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De-duplication technology poised to take over storage market

01 Oct 09

Dr. Kai Li, a professor at Stanford University and co-founder of Data Domain, was recently in the country to give a   guest lecture at AUT about de-duplication technology and the massive potential that can be harnessed by reducing   redundant data.

Li said the technology will replace tapes and that data de-duplication will do for the storage industry what the iPod did  for the music industry.

“As humans we just don’t like tapes,” he said. “That’s why we replaced music cassettes with the iPod, we’re replacing  VCRs with DVRs, and now we’re replacing backup tapes with deduplication storage.”

Unlike backup tapes, which take a long time to access the stored data, de-duplication technology can access it quickly  and, if the software has strong architecture, data can be recovered reliably. Li said that with manual recovery of tapes,  the probability of a successful recovery is 90% because 10% of the time the tape can’t be found or read back. Another area where data deduplication presents opportunities is within archival storage, especially with emails, which typically have a lot of duplicate copies stored, so the compression rate is typically five to one.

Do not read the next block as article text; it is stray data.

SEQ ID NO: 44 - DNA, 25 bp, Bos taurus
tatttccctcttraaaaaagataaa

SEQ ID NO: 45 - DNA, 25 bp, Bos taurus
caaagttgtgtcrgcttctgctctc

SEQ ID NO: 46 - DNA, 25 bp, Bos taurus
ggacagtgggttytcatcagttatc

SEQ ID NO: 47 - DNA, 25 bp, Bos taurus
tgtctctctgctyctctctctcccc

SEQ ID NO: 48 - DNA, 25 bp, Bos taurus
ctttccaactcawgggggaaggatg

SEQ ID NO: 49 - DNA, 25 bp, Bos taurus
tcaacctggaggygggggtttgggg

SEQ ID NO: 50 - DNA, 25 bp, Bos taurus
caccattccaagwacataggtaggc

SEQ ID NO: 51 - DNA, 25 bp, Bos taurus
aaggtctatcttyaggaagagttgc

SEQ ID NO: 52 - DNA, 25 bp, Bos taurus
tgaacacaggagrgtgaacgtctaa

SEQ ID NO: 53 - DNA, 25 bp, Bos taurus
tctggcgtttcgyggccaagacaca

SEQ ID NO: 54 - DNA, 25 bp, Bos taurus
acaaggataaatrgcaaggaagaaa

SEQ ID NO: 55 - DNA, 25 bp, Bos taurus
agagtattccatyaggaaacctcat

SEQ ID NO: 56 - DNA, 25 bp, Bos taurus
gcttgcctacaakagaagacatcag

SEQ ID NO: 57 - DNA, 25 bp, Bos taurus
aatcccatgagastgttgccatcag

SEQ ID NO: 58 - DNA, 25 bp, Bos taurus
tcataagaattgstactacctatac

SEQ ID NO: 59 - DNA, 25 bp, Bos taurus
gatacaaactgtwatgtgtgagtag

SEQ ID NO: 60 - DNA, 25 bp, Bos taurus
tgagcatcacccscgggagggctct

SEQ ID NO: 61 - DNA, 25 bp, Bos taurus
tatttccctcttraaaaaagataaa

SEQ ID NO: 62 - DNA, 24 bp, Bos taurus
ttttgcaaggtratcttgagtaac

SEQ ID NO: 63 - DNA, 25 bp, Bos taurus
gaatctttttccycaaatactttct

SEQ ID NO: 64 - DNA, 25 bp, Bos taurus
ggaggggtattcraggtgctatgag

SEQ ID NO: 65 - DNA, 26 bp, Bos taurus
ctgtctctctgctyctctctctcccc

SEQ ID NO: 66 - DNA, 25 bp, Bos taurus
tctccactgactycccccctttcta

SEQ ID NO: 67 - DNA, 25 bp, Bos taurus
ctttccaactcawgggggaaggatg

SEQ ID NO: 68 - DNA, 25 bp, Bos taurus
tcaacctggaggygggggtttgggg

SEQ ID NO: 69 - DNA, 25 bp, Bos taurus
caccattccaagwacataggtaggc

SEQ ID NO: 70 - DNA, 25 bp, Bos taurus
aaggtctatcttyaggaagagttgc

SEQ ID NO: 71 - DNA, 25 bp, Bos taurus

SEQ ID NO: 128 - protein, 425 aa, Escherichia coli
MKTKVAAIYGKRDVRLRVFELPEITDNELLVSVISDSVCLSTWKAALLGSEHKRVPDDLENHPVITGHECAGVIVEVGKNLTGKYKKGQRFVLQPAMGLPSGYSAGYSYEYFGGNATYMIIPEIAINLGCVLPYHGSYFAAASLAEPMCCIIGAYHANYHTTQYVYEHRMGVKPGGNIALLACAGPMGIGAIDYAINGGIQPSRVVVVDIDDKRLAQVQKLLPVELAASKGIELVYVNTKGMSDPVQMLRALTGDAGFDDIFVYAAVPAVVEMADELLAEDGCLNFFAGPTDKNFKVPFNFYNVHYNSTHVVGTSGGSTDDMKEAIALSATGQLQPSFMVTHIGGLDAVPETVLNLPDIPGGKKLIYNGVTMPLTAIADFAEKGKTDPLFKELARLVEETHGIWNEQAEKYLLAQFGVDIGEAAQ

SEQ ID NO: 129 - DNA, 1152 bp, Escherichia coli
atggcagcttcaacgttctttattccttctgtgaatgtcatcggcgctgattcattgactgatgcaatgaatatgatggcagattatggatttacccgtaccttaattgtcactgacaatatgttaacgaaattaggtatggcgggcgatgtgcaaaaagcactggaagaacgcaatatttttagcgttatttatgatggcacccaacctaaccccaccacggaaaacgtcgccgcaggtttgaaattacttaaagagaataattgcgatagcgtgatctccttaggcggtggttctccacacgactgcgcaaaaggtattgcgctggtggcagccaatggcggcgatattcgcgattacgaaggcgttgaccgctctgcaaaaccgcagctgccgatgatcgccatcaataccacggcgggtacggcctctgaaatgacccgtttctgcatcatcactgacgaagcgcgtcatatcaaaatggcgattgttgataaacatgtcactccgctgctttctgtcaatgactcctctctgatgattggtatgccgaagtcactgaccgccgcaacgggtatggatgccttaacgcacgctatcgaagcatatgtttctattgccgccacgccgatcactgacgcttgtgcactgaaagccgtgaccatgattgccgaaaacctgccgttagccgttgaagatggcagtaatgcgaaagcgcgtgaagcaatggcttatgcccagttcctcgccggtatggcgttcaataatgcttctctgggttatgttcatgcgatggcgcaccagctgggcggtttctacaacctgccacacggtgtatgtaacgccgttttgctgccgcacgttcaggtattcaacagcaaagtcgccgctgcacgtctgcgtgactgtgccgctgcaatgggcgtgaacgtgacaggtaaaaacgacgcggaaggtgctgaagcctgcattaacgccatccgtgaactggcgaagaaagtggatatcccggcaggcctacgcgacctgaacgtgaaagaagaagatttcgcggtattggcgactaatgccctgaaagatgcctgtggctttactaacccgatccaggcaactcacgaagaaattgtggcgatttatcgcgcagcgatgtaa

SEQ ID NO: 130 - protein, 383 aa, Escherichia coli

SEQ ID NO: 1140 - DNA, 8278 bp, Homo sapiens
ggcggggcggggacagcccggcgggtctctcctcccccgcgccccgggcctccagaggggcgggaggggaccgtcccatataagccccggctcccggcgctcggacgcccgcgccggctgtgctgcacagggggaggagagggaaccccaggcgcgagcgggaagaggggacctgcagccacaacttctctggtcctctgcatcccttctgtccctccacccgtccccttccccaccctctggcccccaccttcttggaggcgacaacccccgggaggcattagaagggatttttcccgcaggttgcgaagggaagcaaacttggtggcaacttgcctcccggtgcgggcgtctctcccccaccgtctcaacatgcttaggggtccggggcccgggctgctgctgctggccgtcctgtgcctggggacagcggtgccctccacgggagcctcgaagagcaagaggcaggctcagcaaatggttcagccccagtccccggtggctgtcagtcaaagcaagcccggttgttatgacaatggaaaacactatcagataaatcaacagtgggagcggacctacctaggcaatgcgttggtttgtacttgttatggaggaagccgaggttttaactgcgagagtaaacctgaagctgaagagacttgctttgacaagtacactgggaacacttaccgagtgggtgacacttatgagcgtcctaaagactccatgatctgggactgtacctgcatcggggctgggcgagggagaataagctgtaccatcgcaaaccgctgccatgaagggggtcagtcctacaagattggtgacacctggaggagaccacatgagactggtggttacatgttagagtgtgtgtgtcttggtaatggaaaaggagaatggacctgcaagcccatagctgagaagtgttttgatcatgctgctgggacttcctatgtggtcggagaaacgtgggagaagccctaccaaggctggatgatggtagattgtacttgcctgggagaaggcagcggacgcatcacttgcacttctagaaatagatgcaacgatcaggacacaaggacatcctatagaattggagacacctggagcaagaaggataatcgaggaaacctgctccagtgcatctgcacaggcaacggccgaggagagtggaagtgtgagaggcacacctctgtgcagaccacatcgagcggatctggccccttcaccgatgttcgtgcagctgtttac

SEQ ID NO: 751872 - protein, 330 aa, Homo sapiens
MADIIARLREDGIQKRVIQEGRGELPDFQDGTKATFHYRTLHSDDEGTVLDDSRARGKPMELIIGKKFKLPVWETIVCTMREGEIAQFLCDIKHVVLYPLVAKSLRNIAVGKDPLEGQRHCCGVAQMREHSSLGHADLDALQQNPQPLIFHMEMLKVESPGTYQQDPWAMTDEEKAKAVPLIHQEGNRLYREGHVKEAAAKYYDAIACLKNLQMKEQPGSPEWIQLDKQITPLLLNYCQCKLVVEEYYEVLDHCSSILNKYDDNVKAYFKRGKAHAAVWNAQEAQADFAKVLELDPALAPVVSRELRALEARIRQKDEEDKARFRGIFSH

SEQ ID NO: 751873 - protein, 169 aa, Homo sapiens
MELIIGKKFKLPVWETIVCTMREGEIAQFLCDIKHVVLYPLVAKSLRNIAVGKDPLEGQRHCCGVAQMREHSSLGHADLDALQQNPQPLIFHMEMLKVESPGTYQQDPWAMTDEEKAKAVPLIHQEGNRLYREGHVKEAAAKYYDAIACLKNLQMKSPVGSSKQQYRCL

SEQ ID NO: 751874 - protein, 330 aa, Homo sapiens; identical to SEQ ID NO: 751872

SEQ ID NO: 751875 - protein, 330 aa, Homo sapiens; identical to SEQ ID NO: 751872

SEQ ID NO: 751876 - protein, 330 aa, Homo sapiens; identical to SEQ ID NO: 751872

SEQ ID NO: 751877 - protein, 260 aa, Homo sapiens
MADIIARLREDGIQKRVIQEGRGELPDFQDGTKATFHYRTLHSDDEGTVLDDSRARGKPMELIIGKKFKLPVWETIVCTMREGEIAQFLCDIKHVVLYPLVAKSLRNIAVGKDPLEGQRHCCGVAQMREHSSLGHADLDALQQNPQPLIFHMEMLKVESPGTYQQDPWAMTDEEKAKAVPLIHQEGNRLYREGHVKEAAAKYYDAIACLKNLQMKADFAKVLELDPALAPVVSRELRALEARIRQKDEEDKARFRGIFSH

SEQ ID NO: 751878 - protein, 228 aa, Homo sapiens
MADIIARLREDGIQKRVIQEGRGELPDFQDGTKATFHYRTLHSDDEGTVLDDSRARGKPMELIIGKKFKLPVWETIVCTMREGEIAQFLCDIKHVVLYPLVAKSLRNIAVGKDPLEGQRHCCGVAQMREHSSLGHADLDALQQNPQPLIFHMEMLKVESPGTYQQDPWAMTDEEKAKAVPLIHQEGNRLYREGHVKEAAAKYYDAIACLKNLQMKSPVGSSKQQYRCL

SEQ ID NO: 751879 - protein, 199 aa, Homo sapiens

“De-duplication can be done in multiple locations, it can be done at the source, or at the server, but in that kind of  situation [archiving] de-duplication can help reduce network traffic in addition to reducing the space and power in the  data centre,” he said.

Like with any technology, Li said there will always be those late to catch on, but like the iPod, the technology is set to  revolutionise the storage market.

“Any revolutionary replacement will take time. There are always people who are very eager to replace, there are  always people who are resisting changes,” he said. “So this change will take time, but it is clear, I think in the industry,  and in the marketplace, this is the right thing to do.”

But just as all mp3 players are not the same, Li said that as de-duplication becomes a ‘hot product’, adopters should  be wary of the number of products in the marketplace by testing the actual compression ratio before committing to any  one technology or product.

Li said: “You can call one thing data deduplication, but a good de-duplication technology will give you a much higher compression ratio, which is what you want".

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